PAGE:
With this being National Recycling Week in Australia, the common question that is being asked right now is, “Should we still recycle?”
After all the negative media lately on what some shady recyclers have done (i.e. sending contaminated rubbish overseas and/or putting recyclables into landfill as the War on Waste program revealed), it’s not surprising if the general public think it’s a waste of time.
Personally, between my podcast and business, I’ve had the privilege of speaking with quite a few experts in this space and to see recyclers in action. And I can tell you that there are plenty of great companies out there that are doing the right thing. Furthermore, they are making great products from these materials too.
In fact, when interviewing Mark Yates of Replas, I saw the mounds and mounds of rubbish that they were turning into outdoor furniture and industrial products even with high levels of contamination in them at times.
But Australia has Plenty of Land
One common argument to the recycling campaign is that Australia has plenty of land to bury our rubbish. While it may be true that we have plenty of land, how practical and costly would it be to transport thousands of tonnes of waste to such locations every day from metro areas? And think about the additional carbon emissions that would add.
Let’s Burn it Instead
Some say that we should just burn these recyclables instead, but to many in this industry, it’s just like burning money. There were a lot of resources expended to make plastic, and it is still has usable purposes beyond its one-time use.
Furthermore, it practically encourages people to continue to waste these non-renewable resources to keep the incinerators sustainable. Remember, plastic is made from petroleum and cannot be replenished.
But is Burning it for Energy a Better Option?
There are better technologies coming out in this space all the time. However, at the moment, most experts agree that burning rubbish is not a cost efficient source of energy yet. Furthermore, there are still carbon emissions, health concerns and a huge requirement for water with most of these options.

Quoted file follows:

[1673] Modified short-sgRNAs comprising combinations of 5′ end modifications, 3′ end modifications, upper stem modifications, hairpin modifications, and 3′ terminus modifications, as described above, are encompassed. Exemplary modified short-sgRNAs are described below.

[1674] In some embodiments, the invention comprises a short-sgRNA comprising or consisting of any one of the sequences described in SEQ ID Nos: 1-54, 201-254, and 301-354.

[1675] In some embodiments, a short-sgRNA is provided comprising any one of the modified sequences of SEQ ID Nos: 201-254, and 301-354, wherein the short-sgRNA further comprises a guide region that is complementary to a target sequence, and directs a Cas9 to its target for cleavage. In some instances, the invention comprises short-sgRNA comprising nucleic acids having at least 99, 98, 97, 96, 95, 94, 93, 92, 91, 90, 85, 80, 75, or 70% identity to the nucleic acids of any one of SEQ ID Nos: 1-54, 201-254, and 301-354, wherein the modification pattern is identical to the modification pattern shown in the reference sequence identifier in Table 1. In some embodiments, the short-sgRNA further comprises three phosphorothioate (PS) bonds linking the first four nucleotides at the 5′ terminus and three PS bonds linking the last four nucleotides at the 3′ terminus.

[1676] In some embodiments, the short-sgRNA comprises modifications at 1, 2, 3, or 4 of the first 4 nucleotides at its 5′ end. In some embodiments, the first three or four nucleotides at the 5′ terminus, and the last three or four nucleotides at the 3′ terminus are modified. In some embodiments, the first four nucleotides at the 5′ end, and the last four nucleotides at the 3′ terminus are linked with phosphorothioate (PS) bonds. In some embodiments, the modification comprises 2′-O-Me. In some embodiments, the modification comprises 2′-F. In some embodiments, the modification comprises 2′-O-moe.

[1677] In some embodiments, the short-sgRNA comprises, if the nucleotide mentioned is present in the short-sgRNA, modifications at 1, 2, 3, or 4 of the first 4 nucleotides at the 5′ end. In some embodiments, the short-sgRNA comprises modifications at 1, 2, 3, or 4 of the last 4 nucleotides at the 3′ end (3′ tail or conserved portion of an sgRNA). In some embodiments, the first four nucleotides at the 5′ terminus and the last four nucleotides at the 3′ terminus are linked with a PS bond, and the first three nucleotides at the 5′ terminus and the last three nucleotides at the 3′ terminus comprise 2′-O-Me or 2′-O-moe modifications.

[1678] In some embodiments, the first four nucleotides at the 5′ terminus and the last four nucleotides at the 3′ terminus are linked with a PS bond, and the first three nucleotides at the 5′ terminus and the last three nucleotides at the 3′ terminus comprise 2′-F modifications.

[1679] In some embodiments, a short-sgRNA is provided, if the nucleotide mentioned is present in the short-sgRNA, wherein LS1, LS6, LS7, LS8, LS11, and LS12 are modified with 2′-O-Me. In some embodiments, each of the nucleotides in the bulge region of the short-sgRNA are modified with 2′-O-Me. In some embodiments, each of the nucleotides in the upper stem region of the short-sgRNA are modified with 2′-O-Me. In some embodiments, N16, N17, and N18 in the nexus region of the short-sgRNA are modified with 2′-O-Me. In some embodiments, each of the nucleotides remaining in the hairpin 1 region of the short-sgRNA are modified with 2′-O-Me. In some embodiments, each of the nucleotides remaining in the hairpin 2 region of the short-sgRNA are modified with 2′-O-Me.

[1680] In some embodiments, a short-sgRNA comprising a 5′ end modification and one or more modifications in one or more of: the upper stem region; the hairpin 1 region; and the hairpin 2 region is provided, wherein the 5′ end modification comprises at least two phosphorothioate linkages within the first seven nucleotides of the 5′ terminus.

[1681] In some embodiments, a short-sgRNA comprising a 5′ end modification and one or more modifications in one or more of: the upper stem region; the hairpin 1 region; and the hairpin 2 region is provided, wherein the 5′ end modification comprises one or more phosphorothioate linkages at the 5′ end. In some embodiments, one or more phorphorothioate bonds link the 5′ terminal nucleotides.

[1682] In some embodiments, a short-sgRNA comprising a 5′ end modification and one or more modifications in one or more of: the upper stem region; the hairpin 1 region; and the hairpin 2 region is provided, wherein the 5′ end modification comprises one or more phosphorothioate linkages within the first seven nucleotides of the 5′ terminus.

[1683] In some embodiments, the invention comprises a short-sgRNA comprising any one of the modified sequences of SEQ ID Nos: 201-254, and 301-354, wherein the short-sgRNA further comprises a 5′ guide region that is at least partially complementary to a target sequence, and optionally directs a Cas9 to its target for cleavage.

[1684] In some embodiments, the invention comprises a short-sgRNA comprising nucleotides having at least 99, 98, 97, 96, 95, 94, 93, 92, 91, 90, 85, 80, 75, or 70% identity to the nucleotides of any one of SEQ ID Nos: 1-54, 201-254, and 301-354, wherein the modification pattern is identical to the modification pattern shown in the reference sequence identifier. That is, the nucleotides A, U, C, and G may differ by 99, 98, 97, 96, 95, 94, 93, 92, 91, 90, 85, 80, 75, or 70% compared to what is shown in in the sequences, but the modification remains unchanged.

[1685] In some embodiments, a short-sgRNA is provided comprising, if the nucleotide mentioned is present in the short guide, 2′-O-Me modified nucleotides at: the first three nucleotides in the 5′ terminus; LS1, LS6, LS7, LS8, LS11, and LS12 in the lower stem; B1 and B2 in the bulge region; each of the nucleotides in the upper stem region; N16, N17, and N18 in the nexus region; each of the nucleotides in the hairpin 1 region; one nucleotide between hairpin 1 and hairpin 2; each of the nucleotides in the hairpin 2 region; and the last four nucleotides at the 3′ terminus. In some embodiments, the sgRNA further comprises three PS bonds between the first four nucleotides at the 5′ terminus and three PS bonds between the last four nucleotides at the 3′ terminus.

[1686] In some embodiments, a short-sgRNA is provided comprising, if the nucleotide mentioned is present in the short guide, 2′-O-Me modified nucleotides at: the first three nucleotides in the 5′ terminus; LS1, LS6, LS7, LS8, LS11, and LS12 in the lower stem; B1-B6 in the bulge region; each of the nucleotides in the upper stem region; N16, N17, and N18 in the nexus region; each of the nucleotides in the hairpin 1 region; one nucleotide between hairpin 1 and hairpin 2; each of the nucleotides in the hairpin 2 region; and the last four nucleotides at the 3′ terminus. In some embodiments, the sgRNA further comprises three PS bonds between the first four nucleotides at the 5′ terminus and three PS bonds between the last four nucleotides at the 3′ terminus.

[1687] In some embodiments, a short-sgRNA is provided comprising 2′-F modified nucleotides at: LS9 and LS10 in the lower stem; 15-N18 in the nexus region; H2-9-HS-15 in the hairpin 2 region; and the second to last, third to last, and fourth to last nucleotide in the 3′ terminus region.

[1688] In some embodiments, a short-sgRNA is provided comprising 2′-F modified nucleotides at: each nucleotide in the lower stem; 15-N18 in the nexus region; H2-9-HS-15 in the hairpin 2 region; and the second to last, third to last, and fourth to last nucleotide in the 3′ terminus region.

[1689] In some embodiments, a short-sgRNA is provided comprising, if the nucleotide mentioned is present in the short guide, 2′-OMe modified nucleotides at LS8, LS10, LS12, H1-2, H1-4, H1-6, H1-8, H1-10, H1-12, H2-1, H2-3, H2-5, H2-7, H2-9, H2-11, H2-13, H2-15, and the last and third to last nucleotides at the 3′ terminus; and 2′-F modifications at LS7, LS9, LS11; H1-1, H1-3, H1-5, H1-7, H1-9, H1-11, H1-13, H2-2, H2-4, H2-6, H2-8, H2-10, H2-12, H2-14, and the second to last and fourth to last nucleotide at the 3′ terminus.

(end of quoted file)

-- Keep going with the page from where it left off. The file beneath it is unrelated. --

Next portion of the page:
Is there even enough demand for these recyclable materials?
Large recycler, SKM collapsed earlier this year and others are apparently struggling in various parts of the country as the demand for recyclables has fallen. This can mostly be attributed to exports being limited by other countries, but the self imposed export ban by Australia will also add further pressure if that ever gets implemented.
So, should we still recycle?
Absolutely! As long as we continue to make and use plastic, recycling is the most environmentally sustainable and economical way to generate value from this resource.
But it’s important for consumers to know that recycling doesn’t end when you put something into the yellow bin. It’s only recycled when it’s turned into something else, and companies can’t do that unless more people are actively buying Australian made, recycled material products.
Today’s guest is Luise Grossman of Five Oceans. She’s a surfer, marketer and the co-founder of a sustainable surf product company.
In 2013, Luise and her life partner, Felix Wunner decided to start a movement of sorts by trying to make the surf-product industry more sustainable. In fact, she explained to me the contradiction between the mindset of a surfer and the lack of sustainability in most of the products they use for their own sport.
Five Oceans first product was called Ecofin, a surfboard fin made recycled plastic collected in Bali. Specifically, a set of Ecofins is actually made from 100 recycled bottle caps.